ADHD: From Awareness to Impact

October was ADHD awareness month, though it is a salient example of a neurotype that many people are “aware,” but few actually seem to understand. Discussions of ADHD from those who are aware of ADHD but lack nuanced understanding tend to be riddled with buzzwords like “big pharma” and lamentations of “overdiagnosis.”   Those who […]

Halloween and the Five Foundations

Halloween is fast upon us. For those who participate, it brings with it unique situations in which to put knowledge of the five foundations into practice. Of course, it should go without saying that the potential opportunities from any of these activities never outweigh the harm of encouraging children to engage beyond their boundaries. Halloween […]

Bullying isn’t a Kid Problem

“Finally, children are exposed to media that so often takes advantage of the “weird” character for a laugh. How many of the gross neighbors, awkward first dates, and annoying classmates in popular media look like neurodivergent kids and their adult counterparts? How many of their abuses occur with laugh tracks in the background?”

Nonlinearity and the ND Experience

The world is set up in a way that seems to presume linear Such presumptions are evident in milestones, curricula, and much more. It makes sense. Straight progressions, in all their simplicity and predictability, allow us to plan for the future with relative ease. While most people defy linearity at some point in some […]

Anxiety: An Opportunity to Support Advocacy and Coping

School can be a stressful experience for many children, neurodivergent and not. Parents and other adults who have been through school themselves at some point may find themselves tempted to respond to anxieties with platitudes meant to reassure the child that things will be ok. Often, however, these reassurances take on more of a gaslighting […]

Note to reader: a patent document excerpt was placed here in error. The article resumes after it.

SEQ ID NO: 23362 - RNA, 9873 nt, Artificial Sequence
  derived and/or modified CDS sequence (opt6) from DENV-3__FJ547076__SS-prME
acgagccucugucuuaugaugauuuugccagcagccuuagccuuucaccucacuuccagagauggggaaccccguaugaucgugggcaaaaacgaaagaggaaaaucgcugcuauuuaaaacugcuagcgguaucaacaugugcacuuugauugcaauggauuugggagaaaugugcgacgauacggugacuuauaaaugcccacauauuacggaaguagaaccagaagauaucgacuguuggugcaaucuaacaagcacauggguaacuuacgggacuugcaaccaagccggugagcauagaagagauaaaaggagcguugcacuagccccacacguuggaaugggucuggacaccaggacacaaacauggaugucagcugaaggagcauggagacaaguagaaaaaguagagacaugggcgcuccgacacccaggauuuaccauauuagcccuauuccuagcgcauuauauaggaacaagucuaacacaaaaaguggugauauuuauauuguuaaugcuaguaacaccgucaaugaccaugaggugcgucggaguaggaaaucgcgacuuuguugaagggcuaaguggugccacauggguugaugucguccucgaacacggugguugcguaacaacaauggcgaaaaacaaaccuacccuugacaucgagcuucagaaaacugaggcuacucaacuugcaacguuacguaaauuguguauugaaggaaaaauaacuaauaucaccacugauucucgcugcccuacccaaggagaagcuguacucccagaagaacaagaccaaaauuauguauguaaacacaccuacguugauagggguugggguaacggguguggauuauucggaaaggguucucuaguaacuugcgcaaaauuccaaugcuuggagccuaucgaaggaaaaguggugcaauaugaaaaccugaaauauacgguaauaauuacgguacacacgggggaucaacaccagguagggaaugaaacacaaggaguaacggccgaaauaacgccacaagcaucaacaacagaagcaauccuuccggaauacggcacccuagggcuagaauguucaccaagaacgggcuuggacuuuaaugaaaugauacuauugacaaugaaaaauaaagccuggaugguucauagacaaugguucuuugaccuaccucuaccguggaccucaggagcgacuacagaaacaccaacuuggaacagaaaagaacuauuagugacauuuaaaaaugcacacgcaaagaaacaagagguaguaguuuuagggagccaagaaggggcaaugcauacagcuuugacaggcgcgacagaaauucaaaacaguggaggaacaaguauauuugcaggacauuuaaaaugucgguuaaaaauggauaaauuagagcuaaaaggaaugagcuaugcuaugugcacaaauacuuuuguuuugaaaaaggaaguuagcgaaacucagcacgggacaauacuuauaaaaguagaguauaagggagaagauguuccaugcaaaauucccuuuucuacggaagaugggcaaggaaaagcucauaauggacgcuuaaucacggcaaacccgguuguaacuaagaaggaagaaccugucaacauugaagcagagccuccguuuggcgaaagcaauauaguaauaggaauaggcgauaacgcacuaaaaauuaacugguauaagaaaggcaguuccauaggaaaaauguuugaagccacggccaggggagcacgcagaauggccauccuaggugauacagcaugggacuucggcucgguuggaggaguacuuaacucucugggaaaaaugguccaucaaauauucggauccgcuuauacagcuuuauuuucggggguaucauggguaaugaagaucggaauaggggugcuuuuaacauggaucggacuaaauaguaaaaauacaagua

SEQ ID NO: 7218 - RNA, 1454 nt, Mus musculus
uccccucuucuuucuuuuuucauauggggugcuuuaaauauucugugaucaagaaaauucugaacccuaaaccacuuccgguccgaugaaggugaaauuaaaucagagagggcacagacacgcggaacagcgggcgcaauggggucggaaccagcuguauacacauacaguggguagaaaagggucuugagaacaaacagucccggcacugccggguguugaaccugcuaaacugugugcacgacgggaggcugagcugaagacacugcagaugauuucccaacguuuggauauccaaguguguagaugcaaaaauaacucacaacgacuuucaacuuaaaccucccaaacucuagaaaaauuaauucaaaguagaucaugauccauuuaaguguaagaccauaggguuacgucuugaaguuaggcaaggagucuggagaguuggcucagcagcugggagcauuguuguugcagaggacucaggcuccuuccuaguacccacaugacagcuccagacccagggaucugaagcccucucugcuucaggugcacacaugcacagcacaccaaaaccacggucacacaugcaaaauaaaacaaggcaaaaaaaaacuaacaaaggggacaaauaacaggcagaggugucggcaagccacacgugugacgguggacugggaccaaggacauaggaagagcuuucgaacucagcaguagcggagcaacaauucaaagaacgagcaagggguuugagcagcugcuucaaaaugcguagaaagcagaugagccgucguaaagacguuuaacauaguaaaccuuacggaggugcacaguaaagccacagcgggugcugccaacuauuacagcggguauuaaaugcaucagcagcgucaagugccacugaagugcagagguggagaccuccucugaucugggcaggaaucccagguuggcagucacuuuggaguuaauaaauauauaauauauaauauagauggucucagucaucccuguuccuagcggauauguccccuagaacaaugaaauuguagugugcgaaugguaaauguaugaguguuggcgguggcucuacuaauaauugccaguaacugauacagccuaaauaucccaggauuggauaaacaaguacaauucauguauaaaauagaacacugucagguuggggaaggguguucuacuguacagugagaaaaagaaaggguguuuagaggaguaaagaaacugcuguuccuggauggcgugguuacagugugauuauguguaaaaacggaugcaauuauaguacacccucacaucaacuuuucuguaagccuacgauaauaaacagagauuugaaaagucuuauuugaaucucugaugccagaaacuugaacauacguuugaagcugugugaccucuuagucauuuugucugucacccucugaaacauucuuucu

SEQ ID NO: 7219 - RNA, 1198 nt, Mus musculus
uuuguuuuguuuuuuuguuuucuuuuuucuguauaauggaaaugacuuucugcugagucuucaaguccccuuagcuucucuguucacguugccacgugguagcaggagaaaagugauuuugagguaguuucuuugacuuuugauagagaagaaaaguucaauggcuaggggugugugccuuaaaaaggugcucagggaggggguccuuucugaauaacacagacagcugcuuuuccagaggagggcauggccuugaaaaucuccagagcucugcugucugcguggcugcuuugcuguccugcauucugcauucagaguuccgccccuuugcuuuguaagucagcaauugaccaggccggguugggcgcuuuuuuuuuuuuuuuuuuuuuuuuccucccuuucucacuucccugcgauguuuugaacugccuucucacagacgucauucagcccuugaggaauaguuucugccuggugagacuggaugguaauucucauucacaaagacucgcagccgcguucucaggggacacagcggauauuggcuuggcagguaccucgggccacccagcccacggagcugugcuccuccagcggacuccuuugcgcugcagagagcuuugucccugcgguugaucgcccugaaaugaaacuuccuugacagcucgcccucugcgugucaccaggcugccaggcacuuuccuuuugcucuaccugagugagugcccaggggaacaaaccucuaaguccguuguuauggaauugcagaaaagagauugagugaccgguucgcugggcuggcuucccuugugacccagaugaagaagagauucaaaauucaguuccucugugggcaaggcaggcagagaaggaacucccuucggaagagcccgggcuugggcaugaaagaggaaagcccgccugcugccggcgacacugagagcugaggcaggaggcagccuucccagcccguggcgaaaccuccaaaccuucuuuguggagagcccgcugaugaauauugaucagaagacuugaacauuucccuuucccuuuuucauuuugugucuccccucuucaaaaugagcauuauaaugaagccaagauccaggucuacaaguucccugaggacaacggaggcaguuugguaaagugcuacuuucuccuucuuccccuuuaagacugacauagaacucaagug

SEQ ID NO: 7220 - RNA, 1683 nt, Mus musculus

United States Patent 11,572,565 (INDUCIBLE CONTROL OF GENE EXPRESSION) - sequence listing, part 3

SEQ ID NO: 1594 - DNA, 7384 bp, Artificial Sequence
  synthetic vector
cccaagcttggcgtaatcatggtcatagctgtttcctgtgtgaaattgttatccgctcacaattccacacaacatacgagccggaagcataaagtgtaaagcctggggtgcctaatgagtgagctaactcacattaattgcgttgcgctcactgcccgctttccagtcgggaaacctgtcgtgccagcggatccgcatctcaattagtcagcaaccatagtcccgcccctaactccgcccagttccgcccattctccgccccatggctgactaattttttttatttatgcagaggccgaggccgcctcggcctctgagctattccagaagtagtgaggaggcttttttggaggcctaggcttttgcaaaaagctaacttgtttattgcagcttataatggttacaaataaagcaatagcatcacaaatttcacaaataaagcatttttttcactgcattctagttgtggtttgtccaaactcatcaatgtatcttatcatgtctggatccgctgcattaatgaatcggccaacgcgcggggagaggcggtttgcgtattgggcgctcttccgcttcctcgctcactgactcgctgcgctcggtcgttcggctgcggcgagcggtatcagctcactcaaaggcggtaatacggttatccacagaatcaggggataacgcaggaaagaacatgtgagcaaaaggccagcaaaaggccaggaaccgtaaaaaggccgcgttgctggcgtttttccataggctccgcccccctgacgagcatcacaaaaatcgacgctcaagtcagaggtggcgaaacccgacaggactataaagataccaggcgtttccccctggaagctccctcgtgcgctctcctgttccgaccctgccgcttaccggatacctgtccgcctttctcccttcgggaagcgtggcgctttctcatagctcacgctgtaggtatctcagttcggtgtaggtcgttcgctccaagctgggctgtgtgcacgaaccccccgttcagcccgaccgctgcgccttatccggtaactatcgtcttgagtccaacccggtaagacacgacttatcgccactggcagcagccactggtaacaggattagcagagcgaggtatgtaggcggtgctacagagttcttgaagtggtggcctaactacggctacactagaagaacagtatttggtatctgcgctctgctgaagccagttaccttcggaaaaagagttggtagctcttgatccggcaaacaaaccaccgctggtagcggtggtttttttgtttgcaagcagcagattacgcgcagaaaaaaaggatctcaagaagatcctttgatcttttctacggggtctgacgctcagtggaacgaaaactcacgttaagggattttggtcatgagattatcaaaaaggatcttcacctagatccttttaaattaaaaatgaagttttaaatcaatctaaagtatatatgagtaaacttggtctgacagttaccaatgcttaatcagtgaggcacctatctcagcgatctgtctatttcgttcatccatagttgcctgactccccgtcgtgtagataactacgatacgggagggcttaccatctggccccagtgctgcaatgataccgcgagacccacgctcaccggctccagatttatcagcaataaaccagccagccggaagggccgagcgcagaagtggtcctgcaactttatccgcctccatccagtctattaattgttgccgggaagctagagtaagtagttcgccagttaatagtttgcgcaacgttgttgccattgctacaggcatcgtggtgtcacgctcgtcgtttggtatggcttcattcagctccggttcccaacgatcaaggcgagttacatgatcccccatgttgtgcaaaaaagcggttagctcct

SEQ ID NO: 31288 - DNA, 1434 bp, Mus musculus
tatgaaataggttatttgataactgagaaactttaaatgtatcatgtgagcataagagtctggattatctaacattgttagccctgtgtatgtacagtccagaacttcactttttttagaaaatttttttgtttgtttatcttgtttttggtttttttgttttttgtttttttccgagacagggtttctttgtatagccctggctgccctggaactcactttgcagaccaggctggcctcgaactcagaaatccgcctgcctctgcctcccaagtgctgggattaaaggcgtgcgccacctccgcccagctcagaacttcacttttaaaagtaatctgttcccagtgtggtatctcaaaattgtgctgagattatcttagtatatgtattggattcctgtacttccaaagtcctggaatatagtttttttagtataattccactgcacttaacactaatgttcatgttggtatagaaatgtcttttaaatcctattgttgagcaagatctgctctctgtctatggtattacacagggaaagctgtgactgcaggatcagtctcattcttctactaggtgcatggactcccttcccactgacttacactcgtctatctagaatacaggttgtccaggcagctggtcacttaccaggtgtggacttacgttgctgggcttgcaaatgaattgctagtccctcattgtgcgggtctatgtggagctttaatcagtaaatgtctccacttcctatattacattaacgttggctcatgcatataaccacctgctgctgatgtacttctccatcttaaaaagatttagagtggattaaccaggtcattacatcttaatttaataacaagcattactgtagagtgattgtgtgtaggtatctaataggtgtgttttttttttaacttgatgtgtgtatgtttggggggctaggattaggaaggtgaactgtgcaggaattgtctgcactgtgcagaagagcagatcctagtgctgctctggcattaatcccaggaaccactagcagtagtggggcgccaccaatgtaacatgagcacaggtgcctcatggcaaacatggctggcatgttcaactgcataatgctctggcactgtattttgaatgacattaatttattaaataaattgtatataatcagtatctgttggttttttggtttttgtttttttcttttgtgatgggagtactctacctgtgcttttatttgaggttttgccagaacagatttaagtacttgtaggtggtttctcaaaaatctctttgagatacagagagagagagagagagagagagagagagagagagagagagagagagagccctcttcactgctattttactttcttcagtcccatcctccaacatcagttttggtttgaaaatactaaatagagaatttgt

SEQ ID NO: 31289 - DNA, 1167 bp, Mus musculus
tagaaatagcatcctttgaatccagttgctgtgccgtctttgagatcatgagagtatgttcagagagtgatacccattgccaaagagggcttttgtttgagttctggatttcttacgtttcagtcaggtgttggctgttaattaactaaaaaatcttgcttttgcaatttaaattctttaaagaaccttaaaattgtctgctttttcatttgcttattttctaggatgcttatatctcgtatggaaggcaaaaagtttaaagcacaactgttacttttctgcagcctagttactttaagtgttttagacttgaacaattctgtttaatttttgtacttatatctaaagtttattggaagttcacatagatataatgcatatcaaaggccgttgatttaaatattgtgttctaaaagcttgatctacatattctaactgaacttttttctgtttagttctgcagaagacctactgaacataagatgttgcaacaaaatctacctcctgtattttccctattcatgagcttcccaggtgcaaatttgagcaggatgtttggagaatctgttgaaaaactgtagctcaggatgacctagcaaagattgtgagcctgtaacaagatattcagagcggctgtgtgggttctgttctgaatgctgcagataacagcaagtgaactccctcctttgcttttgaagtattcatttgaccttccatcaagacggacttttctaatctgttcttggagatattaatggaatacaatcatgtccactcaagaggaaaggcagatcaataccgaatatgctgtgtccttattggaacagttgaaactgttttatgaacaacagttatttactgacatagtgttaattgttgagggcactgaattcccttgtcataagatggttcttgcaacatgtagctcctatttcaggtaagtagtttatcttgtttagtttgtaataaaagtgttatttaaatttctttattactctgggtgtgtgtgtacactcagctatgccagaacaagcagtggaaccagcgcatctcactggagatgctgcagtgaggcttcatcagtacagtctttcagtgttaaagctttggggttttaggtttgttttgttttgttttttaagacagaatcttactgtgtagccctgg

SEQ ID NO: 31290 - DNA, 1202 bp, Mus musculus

ABA: A Bad Angle for Communication

When ABA was, one of its main goals was to make autistic people appear as indistinguishable from non-autistic people as possible through coerced behavioral changes. In many cases today, ABA therapists and families retain that goal. The “Father of ABA,” Ivar Lovaas, has been quoted saying, “you have to put out the fire first […]

Supporting Neurodiversity Means Supporting Neurodivergent Leaders

Thirty years ago, the students of Gallaudet University demanded that its newly-selected president resign. She had been the only hearing person among three candidates for the position of president at the nation’s only university designed for Deaf students. The students wondered how a university that claimed to Deaf people into leaders could be so […]

Your Child Deserves Neurodivergent Community

When parents learn that their children are neurodivergent, they are often advised to keep their children away from neurodivergent peers as much as possible. That is horrible advice. Keeping away from neurodivergent peers is only good advice if your goals include reducing a child’s self-esteem and self-understanding. (Although, in that case, “get some less abusive […]

Nurturing Neurodiversity

Neurodiversity is a fact. People of all kinds of neurotypes inhabit this world. Like all kinds of diversity, neurodiversity means more perspectives, a wider array of strengths, and increased opportunities for mutualistic interdependence. Yet, many interventions and ideologies still blatantly disrespect neurodiversity. Treating neurodiversity as anything less than a fact does not change the fact […]

Universal Design and the Spirit of the ADA

Don’t be fooled by watered-down versions of disability history: the passage of the Americans with Disabilities Act was radical. Amidst a world that is designed primarily to suit the convenience of able-bodied, neurotypical people, a law that focused on making it accessible to people with disabilities did not float naturally into the public sphere. Its […]